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© Online Stores, Inc., and The English Tea Store Blog, 2009-2014. Unauthorized use and/or duplication of this material without express and written permission from this article’s author and/or the blog’s owner is strictly prohibited. Excerpts and links may be used, provided that full and clear credit is given to Online Stores, Inc., and The English Tea Store Blog with appropriate and specific direction to the original content.

The general consensus these days is that tea is not bad for you – and there is a fair amount of evidence that it might even be quite good for you. There are exceptions, of course. Like the woman who drank excessive amounts of iced black tea over many years and suffered some unpleasant side effects. But if consumed in moderation – or even moderate excess (guilty) – you could do a lot worse than tea.

But the idea that tea was a healthy drink was not always thus. From the time that tea came to Europe in the early seventeenth century there were those who praised it, but there were also those who cautioned against the ill effects that would surely result from consuming it. This sort of thing was still going on in 1833, when a certain John Cole, of London, penned a paper called On The Deleterious Effects Produced By Drinking Tea And Coffee In Excessive Quantities.

He goes on at length – nearly five pages – and, for obvious reasons, we’ll focus on his thoughts regarding the perceived evils of tea. Early on, Cole, a medical man who read and debated the pros and cons of his paper in front of the London Medical Society that year, sums things up by noting that tea seems “to have the power of reducing the constitution.” He does note that this is the result of “excessive” consumption, but doesn’t define what that means. I personally don’t consider my 6-8 cups per day to be excessive but some might.

Cole goes on to describe some of the supposed ill effects of tea, such as a gnawing in the stomach, a feeling of fullness in the neck and a flushed face and sparkling eyes. And that’s not the end of it. Next up are a number of case studies. Several of these look at women aged 25-40, who were experiencing mostly stomach problems, supposedly from drinking tea, and one unfortunate woman who “suffered sudden attacks of Insensibility” after drinking tea.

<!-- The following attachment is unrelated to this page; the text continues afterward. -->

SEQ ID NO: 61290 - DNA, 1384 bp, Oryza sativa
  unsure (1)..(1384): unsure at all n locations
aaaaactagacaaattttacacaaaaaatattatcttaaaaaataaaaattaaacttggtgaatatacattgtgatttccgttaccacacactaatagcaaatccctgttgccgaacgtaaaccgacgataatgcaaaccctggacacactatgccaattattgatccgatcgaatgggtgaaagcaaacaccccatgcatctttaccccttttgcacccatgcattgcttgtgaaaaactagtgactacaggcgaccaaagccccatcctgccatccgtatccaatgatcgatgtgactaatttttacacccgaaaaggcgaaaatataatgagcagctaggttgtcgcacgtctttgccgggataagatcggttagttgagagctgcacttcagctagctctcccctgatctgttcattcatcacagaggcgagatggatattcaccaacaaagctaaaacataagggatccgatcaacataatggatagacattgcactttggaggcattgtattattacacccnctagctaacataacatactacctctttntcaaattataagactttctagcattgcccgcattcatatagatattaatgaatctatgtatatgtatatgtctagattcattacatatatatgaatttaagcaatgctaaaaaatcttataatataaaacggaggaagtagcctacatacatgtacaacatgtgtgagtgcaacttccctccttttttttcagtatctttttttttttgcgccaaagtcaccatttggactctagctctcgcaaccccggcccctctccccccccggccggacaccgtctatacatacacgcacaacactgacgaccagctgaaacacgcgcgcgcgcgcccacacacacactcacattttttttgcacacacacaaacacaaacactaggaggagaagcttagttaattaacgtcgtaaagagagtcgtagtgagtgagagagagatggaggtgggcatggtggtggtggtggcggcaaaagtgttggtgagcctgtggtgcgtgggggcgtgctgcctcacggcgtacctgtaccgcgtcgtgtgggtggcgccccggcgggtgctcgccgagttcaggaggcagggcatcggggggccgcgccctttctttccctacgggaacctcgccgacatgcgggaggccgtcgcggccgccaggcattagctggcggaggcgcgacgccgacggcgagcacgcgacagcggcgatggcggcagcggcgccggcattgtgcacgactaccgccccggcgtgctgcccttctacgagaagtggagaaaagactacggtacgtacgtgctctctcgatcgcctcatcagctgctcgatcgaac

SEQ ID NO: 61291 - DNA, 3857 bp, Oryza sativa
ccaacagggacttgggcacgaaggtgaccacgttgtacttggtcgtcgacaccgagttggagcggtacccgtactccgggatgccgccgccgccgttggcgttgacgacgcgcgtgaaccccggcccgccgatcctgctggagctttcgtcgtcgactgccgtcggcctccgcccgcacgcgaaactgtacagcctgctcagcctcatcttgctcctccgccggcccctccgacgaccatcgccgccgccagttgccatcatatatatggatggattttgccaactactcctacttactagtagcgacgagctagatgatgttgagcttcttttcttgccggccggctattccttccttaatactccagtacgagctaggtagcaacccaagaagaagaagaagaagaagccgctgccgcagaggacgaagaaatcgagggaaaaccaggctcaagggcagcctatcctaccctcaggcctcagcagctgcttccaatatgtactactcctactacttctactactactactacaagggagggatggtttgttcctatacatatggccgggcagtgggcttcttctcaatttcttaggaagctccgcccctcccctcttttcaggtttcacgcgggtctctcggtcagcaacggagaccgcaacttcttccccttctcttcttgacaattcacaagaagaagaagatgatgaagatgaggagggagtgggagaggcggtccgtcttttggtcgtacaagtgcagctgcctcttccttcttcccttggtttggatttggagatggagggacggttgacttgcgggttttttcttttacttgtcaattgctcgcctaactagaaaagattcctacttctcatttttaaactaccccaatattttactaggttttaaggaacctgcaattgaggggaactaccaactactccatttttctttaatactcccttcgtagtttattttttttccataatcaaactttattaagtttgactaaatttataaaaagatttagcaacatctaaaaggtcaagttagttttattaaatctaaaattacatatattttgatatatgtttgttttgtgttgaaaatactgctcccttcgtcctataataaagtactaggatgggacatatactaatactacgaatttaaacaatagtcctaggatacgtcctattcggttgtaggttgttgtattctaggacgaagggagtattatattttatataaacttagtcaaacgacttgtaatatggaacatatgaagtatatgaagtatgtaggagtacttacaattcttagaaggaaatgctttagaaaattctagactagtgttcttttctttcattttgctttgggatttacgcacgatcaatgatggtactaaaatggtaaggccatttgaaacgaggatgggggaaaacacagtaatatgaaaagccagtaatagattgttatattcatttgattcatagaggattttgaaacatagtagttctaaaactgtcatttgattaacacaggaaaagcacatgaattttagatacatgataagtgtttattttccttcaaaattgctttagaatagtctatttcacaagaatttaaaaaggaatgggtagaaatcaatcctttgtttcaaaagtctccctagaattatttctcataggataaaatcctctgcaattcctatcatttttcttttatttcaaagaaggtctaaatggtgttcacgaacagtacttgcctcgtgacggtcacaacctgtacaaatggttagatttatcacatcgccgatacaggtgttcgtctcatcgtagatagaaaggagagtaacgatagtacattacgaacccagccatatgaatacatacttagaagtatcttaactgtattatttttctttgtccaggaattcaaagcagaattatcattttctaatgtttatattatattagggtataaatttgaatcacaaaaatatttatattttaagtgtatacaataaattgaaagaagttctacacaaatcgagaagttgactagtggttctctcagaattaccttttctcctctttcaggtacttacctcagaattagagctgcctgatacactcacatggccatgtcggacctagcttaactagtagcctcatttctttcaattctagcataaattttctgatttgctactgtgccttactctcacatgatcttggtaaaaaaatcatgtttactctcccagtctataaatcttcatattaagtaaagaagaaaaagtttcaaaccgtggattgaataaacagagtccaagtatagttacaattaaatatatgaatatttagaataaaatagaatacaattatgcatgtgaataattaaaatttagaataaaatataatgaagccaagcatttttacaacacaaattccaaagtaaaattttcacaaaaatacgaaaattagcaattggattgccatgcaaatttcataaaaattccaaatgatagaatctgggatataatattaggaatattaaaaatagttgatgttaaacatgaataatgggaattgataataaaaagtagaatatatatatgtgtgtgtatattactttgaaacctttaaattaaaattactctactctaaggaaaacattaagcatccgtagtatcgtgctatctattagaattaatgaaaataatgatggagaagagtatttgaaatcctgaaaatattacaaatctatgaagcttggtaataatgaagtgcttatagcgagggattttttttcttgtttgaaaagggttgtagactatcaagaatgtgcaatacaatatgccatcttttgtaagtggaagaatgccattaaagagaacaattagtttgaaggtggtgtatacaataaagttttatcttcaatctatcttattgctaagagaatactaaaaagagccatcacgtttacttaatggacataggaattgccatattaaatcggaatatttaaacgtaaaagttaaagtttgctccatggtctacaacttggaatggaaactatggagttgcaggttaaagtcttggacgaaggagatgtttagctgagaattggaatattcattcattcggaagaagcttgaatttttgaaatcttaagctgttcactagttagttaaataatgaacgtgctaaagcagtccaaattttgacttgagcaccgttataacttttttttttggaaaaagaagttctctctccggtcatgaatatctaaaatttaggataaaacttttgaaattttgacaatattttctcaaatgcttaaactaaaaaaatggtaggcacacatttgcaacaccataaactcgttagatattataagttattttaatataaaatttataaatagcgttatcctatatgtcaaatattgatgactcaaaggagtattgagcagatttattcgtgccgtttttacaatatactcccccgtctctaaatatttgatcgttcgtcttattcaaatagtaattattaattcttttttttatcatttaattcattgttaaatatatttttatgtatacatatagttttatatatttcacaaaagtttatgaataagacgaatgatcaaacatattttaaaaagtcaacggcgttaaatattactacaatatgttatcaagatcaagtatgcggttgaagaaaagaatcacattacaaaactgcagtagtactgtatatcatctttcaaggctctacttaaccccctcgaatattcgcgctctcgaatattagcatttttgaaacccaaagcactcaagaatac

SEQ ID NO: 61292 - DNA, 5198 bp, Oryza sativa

Which sounds like grim enough stuff. But over the years I’ve been writing about tea I’ve come to learn that the tea of yesteryear was frequently adulterated, sometimes with mostly innocuous substances and other times with more scary ingredients. Which leads one to wonder if tea was really the culprit in these cases or not.

In any event, if you’d like to read Cole’s letter in its entirety, go here.

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© Online Stores, Inc., and The English Tea Store Blog, 2009-2014. Unauthorized use and/or duplication of this material without express and written permission from this article’s author and/or the blog’s owner is strictly prohibited. Excerpts and links may be used, provided that full and clear credit is given to Online Stores, Inc., and The English Tea Store Blog with appropriate and specific direction to the original content.

Teabag and useful but annoying string. (stock image)

Teabag and useful but annoying string. (stock image)

Let’s put aside for now the matter of whether tea bags are a good thing or not. Some would say they are, and others scorn them. But the fact is that there are plenty of tea drinkers who use them. Probably all of whom have experienced that nagging problem of the tea bag string that escapes from its designated spot outside the tea cup and ends up in the tea.

It’s a problem that has inspired a significant amount of innovation and gadgetry. As I noted in an article here last year, some of the gadgets devised to get around the problem included the Tea Bag Buddy and the Tie Tea Cup. The Washington Post even deemed the problem significant enough that they compiled a list of suggestions from their readers of how to get around it.

But wait. There’s more. Of course there’s more when it comes to those pesky tea bag strings. This Tea Bag Cup Lid patent was filed for in 2007. It resembles the Tea Bag Buddy mentioned above in that it somehow attaches the tea bag to the lid and, as the application says, “a resilient stopper (38) is disposed within the access opening in the lid, holding the tea bag string (36) between the stopper and the access opening, permitting the tea bag (22) to be initially immersed in hot water within the cup for brewing with the capability of retaining the tea bag string when the tea bag is manually drawn upward away from the tea after brewing. The invention allows brewed tea to be consumed through the lid body without of removing the tea bag until any time after drinking the brewed tea.”

Here’s a patent awarded a year earlier for an “an improved tea bag has a pouch containing tea and a string connected to the pouch. A securing element is connected to the string. The securing element is releaseably attachable to an object such as a tea cup or tea pot.” Or you could try a 2003 patent from Germany whose name describes exactly what it sets out to do – Elongated Handle With Slit for Holding String of Tea Bag Has V-Shaped End to Slit to Facilitate Insertion of String Into Slit